# Math Teaching Your Four-Year-Old Numbers and Counting

Even before school starts, young children are learning math through daily routines and activities. They are excited when they recognize numbers in their environment and enjoy simple activities such as counting blocks or toy cars. These activities build a foundation for more complex mathematical concepts in the future. There are many easy ways you can help your four-year-old feel confident and excited about math, including reading counting books together or spotting numbers at the grocery store.

## Instill a love of numbers at an early age:

### Play Hopscotch

Hopscotch is a fun physical activity that helps reinforce number recognition for young children. Is the weather not cooperating for a sidewalk chalk version? You can make an indoor hopscotch board using flattened cardboard boxes, an old shower curtain, or a disposable tablecloth! Simply use a permanent marker to make the squares and have your child write the numbers. Your child can then use a small bean bag or stuffed toy to throw onto the board and hop his way through counting.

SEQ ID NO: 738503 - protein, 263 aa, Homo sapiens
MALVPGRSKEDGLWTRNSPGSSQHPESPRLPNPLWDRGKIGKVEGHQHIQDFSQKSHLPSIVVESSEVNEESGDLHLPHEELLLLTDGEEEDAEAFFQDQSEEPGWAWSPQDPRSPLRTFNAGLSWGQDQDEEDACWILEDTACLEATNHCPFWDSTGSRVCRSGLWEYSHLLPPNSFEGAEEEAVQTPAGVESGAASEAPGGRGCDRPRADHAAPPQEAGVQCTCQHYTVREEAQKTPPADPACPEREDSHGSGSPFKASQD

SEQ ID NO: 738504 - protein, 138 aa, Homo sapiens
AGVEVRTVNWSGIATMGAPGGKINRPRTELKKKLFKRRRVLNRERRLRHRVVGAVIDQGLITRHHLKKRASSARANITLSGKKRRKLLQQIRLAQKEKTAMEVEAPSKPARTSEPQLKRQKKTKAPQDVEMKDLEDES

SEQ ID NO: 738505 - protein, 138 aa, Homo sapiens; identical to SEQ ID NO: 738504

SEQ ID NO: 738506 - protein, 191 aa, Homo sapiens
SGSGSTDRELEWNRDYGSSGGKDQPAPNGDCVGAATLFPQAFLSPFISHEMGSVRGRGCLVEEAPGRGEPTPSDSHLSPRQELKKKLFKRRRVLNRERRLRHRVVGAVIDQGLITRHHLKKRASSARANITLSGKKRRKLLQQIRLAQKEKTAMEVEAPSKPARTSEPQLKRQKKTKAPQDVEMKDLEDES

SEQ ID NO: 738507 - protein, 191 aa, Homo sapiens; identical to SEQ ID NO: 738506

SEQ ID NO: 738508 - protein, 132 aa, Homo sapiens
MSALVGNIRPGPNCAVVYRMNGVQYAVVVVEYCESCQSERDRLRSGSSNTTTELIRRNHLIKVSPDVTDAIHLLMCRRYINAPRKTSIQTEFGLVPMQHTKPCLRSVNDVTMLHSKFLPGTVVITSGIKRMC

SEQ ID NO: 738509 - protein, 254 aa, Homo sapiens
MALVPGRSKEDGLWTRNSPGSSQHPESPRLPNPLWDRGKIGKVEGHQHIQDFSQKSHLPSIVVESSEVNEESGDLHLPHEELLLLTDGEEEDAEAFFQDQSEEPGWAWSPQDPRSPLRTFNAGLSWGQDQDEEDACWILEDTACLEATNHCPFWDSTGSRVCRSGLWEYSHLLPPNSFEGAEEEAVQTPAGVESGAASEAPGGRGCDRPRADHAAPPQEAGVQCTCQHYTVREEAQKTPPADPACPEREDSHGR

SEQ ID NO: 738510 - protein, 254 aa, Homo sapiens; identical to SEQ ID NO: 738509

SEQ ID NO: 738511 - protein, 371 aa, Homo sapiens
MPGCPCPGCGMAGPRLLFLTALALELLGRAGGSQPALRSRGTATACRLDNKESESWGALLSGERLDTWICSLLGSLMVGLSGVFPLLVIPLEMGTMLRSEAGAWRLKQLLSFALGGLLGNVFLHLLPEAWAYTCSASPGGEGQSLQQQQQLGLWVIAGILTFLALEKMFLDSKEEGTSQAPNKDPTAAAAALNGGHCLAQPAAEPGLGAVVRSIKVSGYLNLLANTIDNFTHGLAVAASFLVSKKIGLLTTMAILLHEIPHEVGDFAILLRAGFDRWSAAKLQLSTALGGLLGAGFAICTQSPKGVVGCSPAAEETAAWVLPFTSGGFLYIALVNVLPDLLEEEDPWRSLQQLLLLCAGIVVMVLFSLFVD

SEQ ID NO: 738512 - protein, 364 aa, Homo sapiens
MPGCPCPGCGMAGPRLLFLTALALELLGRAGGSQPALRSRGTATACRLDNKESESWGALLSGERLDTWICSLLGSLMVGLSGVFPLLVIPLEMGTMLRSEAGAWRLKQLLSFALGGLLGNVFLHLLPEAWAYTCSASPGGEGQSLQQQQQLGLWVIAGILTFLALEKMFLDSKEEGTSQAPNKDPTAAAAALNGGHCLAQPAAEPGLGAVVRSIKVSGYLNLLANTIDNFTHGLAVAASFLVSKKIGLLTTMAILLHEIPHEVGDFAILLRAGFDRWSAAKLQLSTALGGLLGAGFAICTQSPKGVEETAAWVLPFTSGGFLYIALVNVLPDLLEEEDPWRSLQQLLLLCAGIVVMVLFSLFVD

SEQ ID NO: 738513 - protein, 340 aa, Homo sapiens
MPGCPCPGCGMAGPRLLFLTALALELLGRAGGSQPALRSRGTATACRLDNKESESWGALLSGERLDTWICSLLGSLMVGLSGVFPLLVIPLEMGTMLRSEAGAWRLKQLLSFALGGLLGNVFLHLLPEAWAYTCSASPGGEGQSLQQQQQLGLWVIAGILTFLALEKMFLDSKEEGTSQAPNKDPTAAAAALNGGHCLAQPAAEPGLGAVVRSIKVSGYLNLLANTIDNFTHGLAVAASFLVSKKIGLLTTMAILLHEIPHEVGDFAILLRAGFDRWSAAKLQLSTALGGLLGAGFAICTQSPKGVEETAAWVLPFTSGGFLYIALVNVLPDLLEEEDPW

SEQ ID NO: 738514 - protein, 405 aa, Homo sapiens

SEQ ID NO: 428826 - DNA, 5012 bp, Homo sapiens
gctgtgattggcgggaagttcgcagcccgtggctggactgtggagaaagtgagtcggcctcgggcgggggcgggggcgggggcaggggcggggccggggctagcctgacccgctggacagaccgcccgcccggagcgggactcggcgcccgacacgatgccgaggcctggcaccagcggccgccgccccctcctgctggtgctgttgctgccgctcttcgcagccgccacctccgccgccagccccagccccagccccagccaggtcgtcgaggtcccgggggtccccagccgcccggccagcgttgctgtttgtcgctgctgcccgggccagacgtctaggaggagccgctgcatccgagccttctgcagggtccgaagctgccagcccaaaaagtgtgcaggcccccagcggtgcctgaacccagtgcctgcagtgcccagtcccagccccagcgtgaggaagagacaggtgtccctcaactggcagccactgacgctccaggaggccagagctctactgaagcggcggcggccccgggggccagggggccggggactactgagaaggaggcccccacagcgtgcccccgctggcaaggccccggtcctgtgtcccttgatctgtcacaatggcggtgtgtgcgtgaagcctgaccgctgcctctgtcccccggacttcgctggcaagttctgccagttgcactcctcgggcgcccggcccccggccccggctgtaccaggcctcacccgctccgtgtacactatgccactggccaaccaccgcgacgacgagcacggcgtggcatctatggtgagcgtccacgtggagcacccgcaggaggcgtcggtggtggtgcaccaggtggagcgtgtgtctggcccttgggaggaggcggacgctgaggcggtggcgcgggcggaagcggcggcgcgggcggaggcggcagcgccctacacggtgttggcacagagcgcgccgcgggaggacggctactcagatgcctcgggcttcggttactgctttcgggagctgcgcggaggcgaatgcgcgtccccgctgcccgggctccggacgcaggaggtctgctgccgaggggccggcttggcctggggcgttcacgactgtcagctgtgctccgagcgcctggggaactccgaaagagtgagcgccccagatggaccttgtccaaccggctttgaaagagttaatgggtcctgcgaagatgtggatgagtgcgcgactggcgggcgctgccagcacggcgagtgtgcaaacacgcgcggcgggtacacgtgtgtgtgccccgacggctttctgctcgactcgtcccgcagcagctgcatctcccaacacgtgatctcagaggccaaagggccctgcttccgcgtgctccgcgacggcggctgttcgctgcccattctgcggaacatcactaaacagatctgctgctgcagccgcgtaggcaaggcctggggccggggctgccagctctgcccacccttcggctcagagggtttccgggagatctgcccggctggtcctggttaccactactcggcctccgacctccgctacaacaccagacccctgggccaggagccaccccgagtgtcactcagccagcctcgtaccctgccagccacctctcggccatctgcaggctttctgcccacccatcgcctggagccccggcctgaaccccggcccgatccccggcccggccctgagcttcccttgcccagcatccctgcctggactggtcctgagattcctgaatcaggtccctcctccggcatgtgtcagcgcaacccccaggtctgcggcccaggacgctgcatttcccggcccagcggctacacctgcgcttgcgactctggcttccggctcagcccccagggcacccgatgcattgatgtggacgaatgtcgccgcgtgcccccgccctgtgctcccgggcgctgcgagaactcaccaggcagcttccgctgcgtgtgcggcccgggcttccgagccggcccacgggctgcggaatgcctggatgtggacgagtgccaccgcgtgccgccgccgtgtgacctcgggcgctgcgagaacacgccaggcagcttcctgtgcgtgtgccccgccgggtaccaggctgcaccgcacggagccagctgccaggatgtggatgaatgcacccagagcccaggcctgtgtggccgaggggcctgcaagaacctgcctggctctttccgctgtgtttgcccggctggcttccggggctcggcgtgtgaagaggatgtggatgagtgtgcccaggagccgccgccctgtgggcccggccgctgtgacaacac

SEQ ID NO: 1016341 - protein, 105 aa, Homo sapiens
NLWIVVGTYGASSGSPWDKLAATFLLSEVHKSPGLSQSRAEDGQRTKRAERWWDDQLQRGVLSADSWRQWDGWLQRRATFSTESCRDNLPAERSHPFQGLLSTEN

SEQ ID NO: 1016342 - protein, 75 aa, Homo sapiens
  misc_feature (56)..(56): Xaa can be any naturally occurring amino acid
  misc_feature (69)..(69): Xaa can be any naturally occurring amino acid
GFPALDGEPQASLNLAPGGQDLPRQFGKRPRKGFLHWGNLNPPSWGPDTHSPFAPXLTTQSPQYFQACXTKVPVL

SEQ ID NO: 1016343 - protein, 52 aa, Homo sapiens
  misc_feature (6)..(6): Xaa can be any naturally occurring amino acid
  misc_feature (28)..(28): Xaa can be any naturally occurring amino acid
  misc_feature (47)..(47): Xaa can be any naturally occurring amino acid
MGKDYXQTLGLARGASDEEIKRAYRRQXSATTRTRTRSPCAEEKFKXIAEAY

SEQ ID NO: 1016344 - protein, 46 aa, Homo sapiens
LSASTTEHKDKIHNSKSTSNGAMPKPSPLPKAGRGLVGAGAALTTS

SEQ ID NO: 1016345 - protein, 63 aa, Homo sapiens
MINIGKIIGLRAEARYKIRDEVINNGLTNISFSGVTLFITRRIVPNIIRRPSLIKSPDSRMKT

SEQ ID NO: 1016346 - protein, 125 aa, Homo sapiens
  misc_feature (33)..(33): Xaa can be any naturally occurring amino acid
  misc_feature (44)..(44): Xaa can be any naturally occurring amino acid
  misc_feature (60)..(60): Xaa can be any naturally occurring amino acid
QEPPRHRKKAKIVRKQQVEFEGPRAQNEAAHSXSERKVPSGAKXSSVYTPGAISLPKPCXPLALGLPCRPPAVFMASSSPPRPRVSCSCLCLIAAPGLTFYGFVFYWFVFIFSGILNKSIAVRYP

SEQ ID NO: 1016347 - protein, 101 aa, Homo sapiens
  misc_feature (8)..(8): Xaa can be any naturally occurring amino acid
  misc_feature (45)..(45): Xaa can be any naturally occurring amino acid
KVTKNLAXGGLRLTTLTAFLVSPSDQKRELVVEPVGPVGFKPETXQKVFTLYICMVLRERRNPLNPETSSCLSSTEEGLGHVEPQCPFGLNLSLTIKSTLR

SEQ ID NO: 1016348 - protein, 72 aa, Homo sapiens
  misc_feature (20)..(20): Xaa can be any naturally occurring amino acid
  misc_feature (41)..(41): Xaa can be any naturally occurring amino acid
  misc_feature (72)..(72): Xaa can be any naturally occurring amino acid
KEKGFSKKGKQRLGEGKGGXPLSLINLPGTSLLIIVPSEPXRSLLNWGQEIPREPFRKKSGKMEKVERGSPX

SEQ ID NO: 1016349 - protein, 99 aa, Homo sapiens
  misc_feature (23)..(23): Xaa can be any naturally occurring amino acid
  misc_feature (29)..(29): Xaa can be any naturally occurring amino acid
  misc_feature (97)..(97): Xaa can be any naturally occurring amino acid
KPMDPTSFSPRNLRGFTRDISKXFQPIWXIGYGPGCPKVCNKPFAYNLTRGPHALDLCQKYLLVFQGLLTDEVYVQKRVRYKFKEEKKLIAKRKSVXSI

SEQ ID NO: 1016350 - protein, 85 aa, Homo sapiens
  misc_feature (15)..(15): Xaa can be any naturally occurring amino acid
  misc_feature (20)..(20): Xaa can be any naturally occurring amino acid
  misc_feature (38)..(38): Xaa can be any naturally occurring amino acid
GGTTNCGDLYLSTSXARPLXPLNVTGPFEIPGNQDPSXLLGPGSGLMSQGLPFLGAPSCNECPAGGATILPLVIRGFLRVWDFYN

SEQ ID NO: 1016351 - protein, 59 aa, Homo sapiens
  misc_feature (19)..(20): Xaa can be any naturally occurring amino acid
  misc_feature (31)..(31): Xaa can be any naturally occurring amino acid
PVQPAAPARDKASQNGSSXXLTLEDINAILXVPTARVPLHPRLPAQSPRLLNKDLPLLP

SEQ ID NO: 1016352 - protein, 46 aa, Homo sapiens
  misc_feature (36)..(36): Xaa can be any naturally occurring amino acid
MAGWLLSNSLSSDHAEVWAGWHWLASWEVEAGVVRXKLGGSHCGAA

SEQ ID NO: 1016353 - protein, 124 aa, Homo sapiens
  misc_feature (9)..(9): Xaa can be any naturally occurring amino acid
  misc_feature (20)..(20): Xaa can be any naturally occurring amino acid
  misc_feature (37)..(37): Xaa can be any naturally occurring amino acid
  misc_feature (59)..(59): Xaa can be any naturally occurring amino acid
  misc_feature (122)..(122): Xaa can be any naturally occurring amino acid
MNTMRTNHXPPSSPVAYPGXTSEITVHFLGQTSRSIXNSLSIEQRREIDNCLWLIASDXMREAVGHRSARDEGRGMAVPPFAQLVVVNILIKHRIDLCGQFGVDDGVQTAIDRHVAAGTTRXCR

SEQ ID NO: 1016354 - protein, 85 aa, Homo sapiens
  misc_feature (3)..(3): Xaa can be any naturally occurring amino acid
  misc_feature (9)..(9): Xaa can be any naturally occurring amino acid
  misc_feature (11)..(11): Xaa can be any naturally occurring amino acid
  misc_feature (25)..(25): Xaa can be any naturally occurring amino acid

#### Flower Garden

Curious George is growing a flower garden. Your child can practice counting skills by counting flowers with George.

Numbers aren't just for counting — they are also for labeling. Teach your child the street number on your home. Explain how buildings are numbered on every street and take a walk around your neighborhood, pointing out the numbers on homes, businesses and signs.

#### Banana 411

George is learning his numbers. Your child can practice number recognition skills by dialing the numbers the Man in the Yellow Hat calls out and then watching a short video.

### Set the Table

Practice math skills at mealtime! Ask your child to help set the table by telling her how many forks, plates and napkins she needs to count. Encourage her to count as she places each item on the table (one fork, two forks, three forks . . .).

#### 321 Snack

Your child can practice counting skills as she helps feed Cat the right number of snacks by selecting the quantity that matches the requested number.

### Master the "Tricky Teens"

Your child might be close to counting to 20 at this point. However, most children get stuck somewhere around "13, 14, 15, 16" — skipping numbers or jumbling the order. You can help by practicing these teen numbers the most and making a number line for your child to visualize the teens in order.

#### The Peg + Cat Big Jig Flipbook

Your child can practice number and counting skills while making Peg and Cat dance in this simple to put together printable flip book.

### Count Backward from 10

Just as with counting up to 10, number songs are a great way to help kids catch on to counting backward. You can also watch the numbers counting down on a microwave or digital timer to explore this concept. Or pretend to set off rockets with a countdown from 10!